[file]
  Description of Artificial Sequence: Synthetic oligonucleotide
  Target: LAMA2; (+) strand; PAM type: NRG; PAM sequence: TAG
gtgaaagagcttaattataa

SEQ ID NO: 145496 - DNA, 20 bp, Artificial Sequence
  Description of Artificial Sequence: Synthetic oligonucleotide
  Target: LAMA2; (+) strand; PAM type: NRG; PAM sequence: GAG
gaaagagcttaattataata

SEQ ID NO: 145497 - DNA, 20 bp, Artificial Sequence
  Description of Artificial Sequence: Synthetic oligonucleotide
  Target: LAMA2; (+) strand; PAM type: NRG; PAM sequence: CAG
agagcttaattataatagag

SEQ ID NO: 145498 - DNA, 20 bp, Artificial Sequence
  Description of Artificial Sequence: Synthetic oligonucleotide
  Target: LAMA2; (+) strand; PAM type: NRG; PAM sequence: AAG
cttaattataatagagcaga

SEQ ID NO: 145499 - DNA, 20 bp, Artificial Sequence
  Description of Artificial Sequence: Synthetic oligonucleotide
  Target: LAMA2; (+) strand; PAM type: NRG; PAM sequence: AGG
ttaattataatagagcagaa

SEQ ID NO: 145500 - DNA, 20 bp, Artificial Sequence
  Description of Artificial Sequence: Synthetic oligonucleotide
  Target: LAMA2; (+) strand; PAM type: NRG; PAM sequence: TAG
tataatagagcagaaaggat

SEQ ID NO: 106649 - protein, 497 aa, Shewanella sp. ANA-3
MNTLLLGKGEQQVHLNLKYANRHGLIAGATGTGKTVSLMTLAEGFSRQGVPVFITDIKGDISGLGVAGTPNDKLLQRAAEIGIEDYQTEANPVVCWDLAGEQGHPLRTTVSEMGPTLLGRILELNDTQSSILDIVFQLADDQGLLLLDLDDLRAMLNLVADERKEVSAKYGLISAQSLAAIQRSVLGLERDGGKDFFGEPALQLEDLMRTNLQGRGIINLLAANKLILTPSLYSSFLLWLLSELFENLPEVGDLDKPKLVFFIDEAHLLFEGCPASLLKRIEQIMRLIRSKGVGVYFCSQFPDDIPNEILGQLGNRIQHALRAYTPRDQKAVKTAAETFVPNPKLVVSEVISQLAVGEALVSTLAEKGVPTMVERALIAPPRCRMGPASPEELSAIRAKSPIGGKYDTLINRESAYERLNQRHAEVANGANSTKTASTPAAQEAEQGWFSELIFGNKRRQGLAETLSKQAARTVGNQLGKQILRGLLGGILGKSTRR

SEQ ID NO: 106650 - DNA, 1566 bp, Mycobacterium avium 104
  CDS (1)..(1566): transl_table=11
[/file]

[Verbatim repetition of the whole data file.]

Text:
  Description of Artificial Sequence: Synthetic oligonucleotide
  Target: LAMA2; (+) strand; PAM type: NRG; PAM sequence: TAG
gtgaaagagcttaattataa

SEQ ID NO: 145496 - DNA, 20 bp, Artificial Sequence
  Description of Artificial Sequence: Synthetic oligonucleotide
  Target: LAMA2; (+) strand; PAM type: NRG; PAM sequence: GAG
gaaagagcttaattataata

SEQ ID NO: 145497 - DNA, 20 bp, Artificial Sequence
  Description of Artificial Sequence: Synthetic oligonucleotide
  Target: LAMA2; (+) strand; PAM type: NRG; PAM sequence: CAG
agagcttaattataatagag

SEQ ID NO: 145498 - DNA, 20 bp, Artificial Sequence
  Description of Artificial Sequence: Synthetic oligonucleotide
  Target: LAMA2; (+) strand; PAM type: NRG; PAM sequence: AAG
cttaattataatagagcaga

SEQ ID NO: 145499 - DNA, 20 bp, Artificial Sequence
  Description of Artificial Sequence: Synthetic oligonucleotide
  Target: LAMA2; (+) strand; PAM type: NRG; PAM sequence: AGG
ttaattataatagagcagaa

SEQ ID NO: 145500 - DNA, 20 bp, Artificial Sequence
  Description of Artificial Sequence: Synthetic oligonucleotide
  Target: LAMA2; (+) strand; PAM type: NRG; PAM sequence: TAG
tataatagagcagaaaggat

SEQ ID NO: 106649 - protein, 497 aa, Shewanella sp. ANA-3
MNTLLLGKGEQQVHLNLKYANRHGLIAGATGTGKTVSLMTLAEGFSRQGVPVFITDIKGDISGLGVAGTPNDKLLQRAAEIGIEDYQTEANPVVCWDLAGEQGHPLRTTVSEMGPTLLGRILELNDTQSSILDIVFQLADDQGLLLLDLDDLRAMLNLVADERKEVSAKYGLISAQSLAAIQRSVLGLERDGGKDFFGEPALQLEDLMRTNLQGRGIINLLAANKLILTPSLYSSFLLWLLSELFENLPEVGDLDKPKLVFFIDEAHLLFEGCPASLLKRIEQIMRLIRSKGVGVYFCSQFPDDIPNEILGQLGNRIQHALRAYTPRDQKAVKTAAETFVPNPKLVVSEVISQLAVGEALVSTLAEKGVPTMVERALIAPPRCRMGPASPEELSAIRAKSPIGGKYDTLINRESAYERLNQRHAEVANGANSTKTASTPAAQEAEQGWFSELIFGNKRRQGLAETLSKQAARTVGNQLGKQILRGLLGGILGKSTRR

SEQ ID NO: 106650 - DNA, 1566 bp, Mycobacterium avium 104
  CDS (1)..(1566): transl_table=11